September, 2004

Plans are in the works for a Cavalcade rally on both coasts next
year. Larry and Nancy (Motherwind) Dilldine will be coordinating the
East Coast event. Jay & Bridget Johnson will to the same for the
Pacific Coast. Dates, locations and other details will be posted
here as they are finalized. If you have suggestions, requests or
other in-put you can email  (East) or (West).

If you are planning a ride, rally, or other motorcycle event of
interest to the membership of the Suzuki Cavalcade Owners Group,
send the information to and it will be posted
in the next issue of this newsletter.
Order these souvenir items while they last. Proceeds go to the
Suzuki Cavalcade Owners Club. Tees are $15 (add $1 for XXL & $2 for
XXXL). Cups are $10. Add $5 shipping. Mail check or MO to: Cade Raid
2004, 23703 NE 4th Street, Sammamish, WA 98074.
Leaving Anderson SC, about moon Saturday for the first real ride on
the Cade, wife in shorts me in T-shirt, we decided to see what it
would do in the mountains. What a great riding machine, what a
beautiful day, what started out as a great bike ride. We got about
up in the Natahala National Forest when things started to get crazy.
The folks up there said they hadn't seen a storm like that in 10
years. Never have rode in the rain, let along in the mountains, with
hail falling, dirt, rocks tree limbs and I couldn't see what else
was in the road. I would have sold that bike for a bus ticket back
to Anderson. But, we made it home safe and sound. The new tires on
the bike (Dunlop Elite 11) worked just great. The bike acted like an
old horse caught in a storm, just stuck its nose in the wind and
headed us to the barn.  The learning curve was a real short one. A
word of caution from a new rider, always take rain gear with you.
Always know your limits and have faith in the Cade. It's a real
jewel. Moral of story is this; I've wanted to ride in the rain to
see what it would do. We never expected a storm like the one we rode
into. So, always expect the unexpected.
~Russ & Yvonne Anderson SC 86 LX Safe and Dry at home

I am having a small trailer built by a friend. I'd like some
information on approx. spacing from tongue attachment to center of
wheels. The trailer will not carry a lot of weight but I do want it
to tow right. Are there any suggestions as to size of tires? ~Barry,
N of Toronto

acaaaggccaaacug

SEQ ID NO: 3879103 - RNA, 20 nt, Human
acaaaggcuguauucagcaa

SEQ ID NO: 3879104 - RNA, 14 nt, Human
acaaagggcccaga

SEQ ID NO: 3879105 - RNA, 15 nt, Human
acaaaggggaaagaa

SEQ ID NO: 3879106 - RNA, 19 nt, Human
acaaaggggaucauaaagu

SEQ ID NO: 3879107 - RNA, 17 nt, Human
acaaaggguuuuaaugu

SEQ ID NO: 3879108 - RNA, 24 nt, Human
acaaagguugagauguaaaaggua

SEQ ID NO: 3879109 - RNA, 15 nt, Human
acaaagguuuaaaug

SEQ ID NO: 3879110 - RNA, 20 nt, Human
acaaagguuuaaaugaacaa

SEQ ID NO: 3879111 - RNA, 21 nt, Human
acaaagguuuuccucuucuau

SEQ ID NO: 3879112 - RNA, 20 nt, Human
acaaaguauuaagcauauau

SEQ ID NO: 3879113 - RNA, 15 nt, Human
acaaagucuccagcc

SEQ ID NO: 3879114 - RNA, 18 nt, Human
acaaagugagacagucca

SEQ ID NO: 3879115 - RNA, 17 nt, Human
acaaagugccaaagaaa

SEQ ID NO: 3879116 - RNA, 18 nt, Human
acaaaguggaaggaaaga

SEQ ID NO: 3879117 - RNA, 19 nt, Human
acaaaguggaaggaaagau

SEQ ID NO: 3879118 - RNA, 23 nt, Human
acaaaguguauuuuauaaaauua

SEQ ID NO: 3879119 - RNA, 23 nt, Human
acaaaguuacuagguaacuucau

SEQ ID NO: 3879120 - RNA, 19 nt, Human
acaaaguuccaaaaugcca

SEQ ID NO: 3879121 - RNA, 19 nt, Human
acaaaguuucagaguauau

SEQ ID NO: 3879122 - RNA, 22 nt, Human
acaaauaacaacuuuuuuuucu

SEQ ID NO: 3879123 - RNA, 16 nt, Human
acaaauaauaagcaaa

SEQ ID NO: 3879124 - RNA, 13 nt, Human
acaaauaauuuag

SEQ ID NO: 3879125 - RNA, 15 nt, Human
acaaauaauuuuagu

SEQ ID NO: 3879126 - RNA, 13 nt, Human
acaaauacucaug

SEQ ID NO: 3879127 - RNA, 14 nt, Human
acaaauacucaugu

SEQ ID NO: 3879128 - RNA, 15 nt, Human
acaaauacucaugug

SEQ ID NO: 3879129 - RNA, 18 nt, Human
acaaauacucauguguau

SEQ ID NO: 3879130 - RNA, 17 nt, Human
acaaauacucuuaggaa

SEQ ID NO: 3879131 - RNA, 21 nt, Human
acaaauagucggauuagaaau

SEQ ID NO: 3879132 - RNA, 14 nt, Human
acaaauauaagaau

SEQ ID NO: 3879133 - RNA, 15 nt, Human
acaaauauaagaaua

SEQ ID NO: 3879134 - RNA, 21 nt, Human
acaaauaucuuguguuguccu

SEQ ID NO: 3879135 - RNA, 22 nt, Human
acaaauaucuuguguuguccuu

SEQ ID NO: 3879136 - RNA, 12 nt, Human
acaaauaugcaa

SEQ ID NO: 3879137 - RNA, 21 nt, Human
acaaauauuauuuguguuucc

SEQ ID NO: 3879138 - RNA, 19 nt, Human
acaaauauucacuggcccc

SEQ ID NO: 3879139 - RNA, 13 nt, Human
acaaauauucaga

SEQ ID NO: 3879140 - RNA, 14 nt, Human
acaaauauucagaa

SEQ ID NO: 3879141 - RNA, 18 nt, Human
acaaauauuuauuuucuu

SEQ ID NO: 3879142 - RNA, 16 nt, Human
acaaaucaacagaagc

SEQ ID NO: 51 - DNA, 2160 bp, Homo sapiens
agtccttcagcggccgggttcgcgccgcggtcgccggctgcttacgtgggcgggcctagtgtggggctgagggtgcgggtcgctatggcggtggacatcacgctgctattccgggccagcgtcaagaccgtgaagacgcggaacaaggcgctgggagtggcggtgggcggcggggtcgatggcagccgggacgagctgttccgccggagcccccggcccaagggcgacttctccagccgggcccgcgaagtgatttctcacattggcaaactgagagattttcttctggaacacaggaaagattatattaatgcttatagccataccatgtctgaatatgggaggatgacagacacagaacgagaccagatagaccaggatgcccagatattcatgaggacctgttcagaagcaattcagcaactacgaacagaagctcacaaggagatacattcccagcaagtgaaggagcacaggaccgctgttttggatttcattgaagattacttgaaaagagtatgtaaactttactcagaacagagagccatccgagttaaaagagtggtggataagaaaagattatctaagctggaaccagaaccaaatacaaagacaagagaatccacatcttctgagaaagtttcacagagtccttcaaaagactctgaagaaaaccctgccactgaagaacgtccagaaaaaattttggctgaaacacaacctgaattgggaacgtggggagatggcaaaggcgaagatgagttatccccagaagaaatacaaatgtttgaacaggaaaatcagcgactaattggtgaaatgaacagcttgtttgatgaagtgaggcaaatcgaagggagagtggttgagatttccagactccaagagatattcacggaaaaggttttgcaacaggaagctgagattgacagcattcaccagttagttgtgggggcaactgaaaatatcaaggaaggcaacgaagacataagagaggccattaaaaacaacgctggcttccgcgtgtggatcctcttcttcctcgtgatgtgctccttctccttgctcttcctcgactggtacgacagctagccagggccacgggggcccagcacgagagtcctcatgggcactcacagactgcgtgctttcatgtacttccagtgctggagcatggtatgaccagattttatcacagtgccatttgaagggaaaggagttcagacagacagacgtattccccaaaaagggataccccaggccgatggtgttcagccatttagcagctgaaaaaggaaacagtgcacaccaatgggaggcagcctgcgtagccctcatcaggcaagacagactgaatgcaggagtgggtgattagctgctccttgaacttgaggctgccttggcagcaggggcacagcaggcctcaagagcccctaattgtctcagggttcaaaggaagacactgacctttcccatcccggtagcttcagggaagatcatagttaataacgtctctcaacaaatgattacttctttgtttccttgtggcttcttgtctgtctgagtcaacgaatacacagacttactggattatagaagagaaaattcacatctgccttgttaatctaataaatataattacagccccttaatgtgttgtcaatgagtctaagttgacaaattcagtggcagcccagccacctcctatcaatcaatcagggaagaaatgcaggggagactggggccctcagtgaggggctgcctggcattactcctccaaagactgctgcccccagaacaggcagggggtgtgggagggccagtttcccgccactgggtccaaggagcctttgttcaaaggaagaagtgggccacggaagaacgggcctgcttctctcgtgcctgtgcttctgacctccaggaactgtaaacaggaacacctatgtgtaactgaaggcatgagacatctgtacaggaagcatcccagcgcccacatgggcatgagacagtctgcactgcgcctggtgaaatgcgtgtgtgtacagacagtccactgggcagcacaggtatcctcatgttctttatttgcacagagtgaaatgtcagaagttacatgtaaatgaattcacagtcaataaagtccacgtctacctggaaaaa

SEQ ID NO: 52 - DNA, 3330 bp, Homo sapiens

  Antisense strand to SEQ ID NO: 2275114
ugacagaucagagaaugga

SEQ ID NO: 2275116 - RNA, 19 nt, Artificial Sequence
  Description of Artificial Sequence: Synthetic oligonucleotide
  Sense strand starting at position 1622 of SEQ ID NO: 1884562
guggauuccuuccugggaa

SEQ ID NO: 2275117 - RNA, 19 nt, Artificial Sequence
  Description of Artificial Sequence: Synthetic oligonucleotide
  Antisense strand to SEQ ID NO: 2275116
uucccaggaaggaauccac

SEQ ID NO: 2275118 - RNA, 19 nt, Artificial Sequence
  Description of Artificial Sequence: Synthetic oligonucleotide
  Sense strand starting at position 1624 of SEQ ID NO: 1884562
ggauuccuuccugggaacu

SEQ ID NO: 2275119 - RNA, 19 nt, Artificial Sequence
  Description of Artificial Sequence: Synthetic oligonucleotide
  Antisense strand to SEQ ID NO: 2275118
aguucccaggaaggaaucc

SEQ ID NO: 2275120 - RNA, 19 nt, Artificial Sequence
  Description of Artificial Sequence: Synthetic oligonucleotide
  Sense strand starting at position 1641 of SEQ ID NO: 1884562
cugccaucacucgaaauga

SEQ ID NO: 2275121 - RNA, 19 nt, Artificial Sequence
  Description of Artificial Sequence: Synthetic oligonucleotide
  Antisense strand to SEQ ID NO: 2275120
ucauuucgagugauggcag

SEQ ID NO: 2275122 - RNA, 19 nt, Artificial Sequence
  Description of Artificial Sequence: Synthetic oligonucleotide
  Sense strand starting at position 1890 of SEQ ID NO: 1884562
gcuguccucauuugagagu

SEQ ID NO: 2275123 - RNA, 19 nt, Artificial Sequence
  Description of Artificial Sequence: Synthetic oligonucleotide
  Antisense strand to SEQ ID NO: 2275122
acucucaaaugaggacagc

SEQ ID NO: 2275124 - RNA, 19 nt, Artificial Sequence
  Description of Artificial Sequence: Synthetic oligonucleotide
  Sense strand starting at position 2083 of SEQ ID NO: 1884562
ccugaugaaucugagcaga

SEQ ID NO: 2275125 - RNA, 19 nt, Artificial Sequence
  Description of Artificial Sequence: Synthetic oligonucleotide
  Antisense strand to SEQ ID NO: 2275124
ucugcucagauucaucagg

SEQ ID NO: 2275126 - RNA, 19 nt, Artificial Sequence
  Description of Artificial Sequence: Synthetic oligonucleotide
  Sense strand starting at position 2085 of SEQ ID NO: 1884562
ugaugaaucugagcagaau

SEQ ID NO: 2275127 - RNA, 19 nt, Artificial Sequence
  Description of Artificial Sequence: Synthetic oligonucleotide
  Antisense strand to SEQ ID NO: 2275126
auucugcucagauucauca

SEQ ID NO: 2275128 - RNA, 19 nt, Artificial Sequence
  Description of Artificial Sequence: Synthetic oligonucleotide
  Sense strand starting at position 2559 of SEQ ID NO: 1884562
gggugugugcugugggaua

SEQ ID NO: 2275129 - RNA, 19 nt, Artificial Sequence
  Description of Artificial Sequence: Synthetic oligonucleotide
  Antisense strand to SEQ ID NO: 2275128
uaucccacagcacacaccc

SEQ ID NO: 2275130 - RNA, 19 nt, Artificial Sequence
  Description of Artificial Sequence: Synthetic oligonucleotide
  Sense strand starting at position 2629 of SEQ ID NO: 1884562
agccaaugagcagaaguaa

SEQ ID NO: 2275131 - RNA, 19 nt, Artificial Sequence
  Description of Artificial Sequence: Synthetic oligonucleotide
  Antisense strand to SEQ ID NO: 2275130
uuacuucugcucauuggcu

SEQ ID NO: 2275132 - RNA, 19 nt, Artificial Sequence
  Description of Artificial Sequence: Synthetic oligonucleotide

Tongue length (to center of axle), should be twice the track width
(tire centers). Don't make it too narrow and don't make it too tall.
Larger tires are generally more stable. ~Tracy

Barry, I just bought a great little trailer from Harbor Freight,
there small one, it is 4ft by 4ft square, and I bought the 12inch
highway tires for it, put it together, put a sheet of plywood on it,
and a car cargo topper on it, painted it to match, looks great,
works great, the trailer was 70 bucks, and the topper was about 75
bucks, later ~Jason, Topeka KS, `87 LX

Barry, My cargo trailer was commercially built back in the
early '80s. I have pulled it with three different bikes and it
tracks like a dream. It was designed for motorcycles. But, in spite
of being an excellent product, the company did not survive. There
are a few still around here in the northwest, but they are even more
rare than the Cavalcade. I had it at Branson in 2002, so there may
be a photo of it somewhere in the group. It is 58 inches from the
ball on my hitch to the axle. The wheels are from an ATV. The wheel
itself has a 9 inch diameter rim to rim. The surface of the tire's
tread is 6 inches across. ~ I like the low ride of the small wheels,
but it does require a 5 inch drop in the tongue. Small wheels, even
with long-haul trips, are not a problem as long as the bearings are
properly and regularly greased. Good luck with the project. ~Jay

My wife & I rode about 175 hwy miles today. On the way back after
being off the highway several miles, a noise began in the front
wheel. It's a rotational noise like a bearing, not real loud or
screeching, but definitely not right. ~ Wheel feels tight, no "slop"
by hand. Hubs were cool to the touch directly in the bearing area,
both sides. Checked that immediately - did it at gas station before
we were home, so it hadn't had time to cool.

After sitting several hours, I took it out solo to listen to noise.
No noise first 2 miles, then it began again. I came on home. It was
less than a mile. Hubs are again cool.  SO - is there anything in
the front end OTHER than a bearing that'll make such a noise? Manual
briefly mentions greasing the speedo "gearbox" - could this be
the culprit?

I have the CD, page 9-17 says "apply grease before installing the
bearings" - yet no seal is mentioned or illustrated. How can a non-
sealed bearing NOT have a seal, yet if it's a sealed bearing, how
would you lube it? ~ Lastly, anyone know the bearing industry # of
the bearing? Not Suzuki's # (08123-63027), but a standard # I can